As I’m completely kitchen-erily under-equipped at the moment, in an apart hotel with no oven, the actual cooking is minimal.
I am however snaffling daily quantities of delicious foods and pasteleria, most in a “point and trough” sort of way as the actual pronunciation of the dishes is beyond my nasal capacities, this being Portugal… Lisbon, city of saudade – which sounds like a slow-roasted pork dish but is actually the national habit of “feeling a wee bit sad and sorry for oneself”.
Other nasal challenges include the national dish of (bear with me on the spelling) baccalau e grau or something of that ilk, which is salted cod and chickpeas. I think that the secret is in the fact that neither fish nor chick are dressed, but only liberally slathered with olive oil after the cooking. A few fat garlic cloves nestle among the chickpeas, and the whole thing is washed down with a good red.
What else? A very fun duck and rice dish…Then the terror of the diabetic: pastels de Belén, yummy melt-in-mouth tartlets of custard named after the beautiful Baroque convent at Belén next to Lisbon…
Did I mention the red wine??? Or the porto, clever invention of the English: in order to be able to transport their wine in barrels without it going nasty and sour they added a drop of aguardiente to make it age gracefully. Perhaps everyone needs a drop or two of aguardiente to help with graceful ageing… I think it’s called pickling. Anyway, hence the fact that all ports are different – different measures of wine to aguardiente. The English influence is surprisingly omnipresent here, including in the fact that scones are readily available in most places. A very nice surprise, but are scones English or is this leading to a very du jour political debate on the state of Britishness – an indigestible but necessary discussion best not left to the pickled persons of Westminster?
As I said, even my very modest cooking has been stymied by the kitchen appliances, or lack of, and the fact of being out and about all day up on the top of a fortress hill (Torres Vedras) in near-apocalyptic sunshine and planetary-gale-force winds. Hence the lack of recipes and photos. But I can pass on one “recipe” which my friend here uses for daily-brekkies, recommended by some frog (with his legs intact) doctor as supremely good for body and soul: Juice of 1 lemon; 1 piece of fruit chopped or however; 6 almonds; soya yoghurt; teaspoon of honey. Mishmashed (this is my sister’s very scientific term for “mixing ingredients to the required consistency”) and devoured. However, as Flo so rightly pointed out many moons ago, if someone told me that cayenne pepper and lemon would do me good I would devour it happily on a daily basis, such is my nutritional and gastronomic gullibility and optimistic vanity… (This was before that cayenne pepper diet thing did actually come into existence and sucked the thighs off various celebrities). So, Flo being a lucid creature and perfectly understanding this one of my many foibles, was of course right. Which means that I can’t quite leave my Frog-doctor breakfast there, but liberally sprinkle it with a powder I found in the supermarket here. If anyone could enlighten me what is actually is I’d be very grateful, as at the moment I’m merely chomping it on the advice of its “antioxidant” blurb on the packet: It’s called maça, and the picture on the packet looks like a mixture of garlic clove and turnip bulb…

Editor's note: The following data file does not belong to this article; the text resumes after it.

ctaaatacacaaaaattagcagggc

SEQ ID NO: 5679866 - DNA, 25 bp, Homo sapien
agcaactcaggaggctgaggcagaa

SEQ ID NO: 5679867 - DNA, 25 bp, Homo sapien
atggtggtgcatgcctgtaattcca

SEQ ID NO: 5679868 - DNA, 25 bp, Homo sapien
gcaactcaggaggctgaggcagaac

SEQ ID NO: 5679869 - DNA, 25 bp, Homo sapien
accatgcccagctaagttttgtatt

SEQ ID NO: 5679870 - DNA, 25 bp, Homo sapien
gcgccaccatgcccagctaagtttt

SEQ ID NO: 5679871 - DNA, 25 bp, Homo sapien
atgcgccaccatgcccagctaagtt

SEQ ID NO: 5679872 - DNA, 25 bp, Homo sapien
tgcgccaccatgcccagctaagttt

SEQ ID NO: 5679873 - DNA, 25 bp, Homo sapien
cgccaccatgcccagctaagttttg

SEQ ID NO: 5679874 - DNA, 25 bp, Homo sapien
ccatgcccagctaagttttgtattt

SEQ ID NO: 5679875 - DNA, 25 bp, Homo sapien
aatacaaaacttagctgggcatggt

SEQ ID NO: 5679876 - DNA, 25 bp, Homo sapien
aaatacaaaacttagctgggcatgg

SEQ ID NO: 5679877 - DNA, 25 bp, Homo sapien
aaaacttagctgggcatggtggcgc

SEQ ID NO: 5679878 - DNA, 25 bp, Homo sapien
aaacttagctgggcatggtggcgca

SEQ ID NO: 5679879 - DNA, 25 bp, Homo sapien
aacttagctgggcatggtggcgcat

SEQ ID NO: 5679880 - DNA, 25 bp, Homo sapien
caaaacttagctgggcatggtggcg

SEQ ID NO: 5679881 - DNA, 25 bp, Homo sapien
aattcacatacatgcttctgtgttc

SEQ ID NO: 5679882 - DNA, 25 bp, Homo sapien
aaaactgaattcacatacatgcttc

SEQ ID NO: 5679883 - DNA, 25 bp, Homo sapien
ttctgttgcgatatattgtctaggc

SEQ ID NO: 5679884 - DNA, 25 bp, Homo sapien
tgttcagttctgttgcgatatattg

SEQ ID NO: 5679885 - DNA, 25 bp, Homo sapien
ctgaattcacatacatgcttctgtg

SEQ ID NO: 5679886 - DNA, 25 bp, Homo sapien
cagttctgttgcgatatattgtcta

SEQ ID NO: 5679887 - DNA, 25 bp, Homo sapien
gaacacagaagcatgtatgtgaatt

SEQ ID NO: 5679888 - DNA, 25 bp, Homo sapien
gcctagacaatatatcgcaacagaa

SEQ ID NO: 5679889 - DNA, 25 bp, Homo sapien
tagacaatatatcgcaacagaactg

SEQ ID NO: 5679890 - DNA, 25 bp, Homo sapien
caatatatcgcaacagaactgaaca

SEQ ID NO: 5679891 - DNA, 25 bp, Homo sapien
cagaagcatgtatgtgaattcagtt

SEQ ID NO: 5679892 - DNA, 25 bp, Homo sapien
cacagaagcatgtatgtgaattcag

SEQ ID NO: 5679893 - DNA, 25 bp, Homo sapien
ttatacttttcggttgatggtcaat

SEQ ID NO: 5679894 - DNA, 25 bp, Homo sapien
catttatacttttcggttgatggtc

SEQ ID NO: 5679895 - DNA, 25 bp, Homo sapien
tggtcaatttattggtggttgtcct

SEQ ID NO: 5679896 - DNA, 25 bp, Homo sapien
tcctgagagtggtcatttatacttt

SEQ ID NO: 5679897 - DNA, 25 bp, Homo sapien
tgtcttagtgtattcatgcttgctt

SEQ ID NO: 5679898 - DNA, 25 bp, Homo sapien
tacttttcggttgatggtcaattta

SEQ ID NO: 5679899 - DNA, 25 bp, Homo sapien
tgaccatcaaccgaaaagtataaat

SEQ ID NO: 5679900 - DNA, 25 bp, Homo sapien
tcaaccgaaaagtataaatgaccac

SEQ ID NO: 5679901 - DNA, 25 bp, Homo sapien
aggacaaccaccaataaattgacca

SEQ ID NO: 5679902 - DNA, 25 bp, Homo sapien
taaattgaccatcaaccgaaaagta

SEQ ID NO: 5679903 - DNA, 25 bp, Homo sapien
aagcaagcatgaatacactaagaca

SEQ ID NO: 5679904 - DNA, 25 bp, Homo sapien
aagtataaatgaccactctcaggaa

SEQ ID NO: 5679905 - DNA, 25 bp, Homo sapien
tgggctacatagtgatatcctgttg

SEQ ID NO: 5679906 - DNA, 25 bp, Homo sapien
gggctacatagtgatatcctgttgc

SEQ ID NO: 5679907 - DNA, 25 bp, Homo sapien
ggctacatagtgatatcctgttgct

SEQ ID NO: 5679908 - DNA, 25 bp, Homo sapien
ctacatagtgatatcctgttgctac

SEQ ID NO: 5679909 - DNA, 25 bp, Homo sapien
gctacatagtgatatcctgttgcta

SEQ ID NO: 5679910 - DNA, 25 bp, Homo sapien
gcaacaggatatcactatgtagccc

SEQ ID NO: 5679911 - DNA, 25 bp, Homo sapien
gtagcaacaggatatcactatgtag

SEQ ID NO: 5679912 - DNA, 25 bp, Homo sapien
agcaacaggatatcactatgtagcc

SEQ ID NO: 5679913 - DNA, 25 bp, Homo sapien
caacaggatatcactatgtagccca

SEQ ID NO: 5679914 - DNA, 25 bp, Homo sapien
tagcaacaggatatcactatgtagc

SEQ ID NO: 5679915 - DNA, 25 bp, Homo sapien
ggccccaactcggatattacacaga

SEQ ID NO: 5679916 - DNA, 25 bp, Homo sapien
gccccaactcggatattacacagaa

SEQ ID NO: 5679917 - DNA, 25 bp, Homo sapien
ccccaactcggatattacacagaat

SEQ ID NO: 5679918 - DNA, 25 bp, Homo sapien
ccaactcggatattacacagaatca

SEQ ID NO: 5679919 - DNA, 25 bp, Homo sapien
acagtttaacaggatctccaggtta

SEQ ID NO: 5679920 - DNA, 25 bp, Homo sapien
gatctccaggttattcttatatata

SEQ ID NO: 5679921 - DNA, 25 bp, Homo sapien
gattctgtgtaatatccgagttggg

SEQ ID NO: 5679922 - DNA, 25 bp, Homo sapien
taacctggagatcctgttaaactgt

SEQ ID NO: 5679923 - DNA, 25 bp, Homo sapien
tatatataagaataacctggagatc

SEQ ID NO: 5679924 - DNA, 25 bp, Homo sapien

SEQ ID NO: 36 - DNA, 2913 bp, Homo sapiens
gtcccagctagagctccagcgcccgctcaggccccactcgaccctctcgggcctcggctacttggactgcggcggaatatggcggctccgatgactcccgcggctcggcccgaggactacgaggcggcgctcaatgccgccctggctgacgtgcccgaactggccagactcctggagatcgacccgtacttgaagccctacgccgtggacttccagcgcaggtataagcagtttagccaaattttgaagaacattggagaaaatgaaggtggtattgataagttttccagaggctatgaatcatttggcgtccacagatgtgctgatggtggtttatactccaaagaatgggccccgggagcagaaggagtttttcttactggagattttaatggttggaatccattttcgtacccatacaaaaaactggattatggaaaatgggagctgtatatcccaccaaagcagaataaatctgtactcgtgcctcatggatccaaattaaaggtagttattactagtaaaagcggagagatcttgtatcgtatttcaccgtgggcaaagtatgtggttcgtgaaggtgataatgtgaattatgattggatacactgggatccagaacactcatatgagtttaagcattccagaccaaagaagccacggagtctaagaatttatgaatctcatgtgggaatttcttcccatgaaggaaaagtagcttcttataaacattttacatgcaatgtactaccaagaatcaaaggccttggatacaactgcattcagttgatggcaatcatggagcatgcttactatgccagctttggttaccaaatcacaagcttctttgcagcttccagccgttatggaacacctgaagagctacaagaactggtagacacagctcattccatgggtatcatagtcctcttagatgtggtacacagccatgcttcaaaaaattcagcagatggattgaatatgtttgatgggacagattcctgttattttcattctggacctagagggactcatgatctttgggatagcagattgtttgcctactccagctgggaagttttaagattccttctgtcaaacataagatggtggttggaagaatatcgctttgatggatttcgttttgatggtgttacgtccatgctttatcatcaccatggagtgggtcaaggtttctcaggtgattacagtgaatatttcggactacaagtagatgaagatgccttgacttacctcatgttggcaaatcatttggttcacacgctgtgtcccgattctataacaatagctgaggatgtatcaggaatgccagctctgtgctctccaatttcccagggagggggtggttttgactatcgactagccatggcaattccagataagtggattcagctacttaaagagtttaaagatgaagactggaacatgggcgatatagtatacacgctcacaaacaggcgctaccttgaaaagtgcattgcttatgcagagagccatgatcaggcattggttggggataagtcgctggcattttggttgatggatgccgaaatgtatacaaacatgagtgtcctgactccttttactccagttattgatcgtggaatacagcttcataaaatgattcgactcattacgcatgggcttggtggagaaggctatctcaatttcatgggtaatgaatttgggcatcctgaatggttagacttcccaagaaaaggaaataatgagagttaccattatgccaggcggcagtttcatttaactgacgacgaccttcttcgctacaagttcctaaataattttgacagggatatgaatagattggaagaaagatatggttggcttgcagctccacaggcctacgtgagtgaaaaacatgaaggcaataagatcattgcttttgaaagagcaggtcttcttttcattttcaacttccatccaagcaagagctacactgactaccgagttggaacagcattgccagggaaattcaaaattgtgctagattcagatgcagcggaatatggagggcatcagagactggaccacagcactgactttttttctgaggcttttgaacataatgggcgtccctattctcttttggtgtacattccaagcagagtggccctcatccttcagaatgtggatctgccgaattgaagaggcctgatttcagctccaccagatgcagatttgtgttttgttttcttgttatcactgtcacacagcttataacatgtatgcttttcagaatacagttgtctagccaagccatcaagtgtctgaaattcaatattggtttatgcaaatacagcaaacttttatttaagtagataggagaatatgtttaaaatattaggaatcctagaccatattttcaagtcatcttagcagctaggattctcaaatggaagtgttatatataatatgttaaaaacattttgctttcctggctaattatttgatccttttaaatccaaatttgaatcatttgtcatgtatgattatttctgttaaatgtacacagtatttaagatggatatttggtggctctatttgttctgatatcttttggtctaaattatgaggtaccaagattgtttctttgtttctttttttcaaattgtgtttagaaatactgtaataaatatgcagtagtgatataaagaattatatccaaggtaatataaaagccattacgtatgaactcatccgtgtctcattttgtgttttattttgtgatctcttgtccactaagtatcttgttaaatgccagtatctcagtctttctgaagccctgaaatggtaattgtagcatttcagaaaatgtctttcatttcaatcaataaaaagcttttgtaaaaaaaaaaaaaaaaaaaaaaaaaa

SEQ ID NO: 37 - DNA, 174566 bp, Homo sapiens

Apologies for ending a food blog entry on a dietary note, but seeing as the pastels de Belén have taken over my waking hours, something needs to be done.
Off for a glass of porto now. I’ve found that fantasising about recipes is quite a good way to get to sleep – a sort of culinary counting sheep… Counting cutlets perhaps… Does anyone else do that?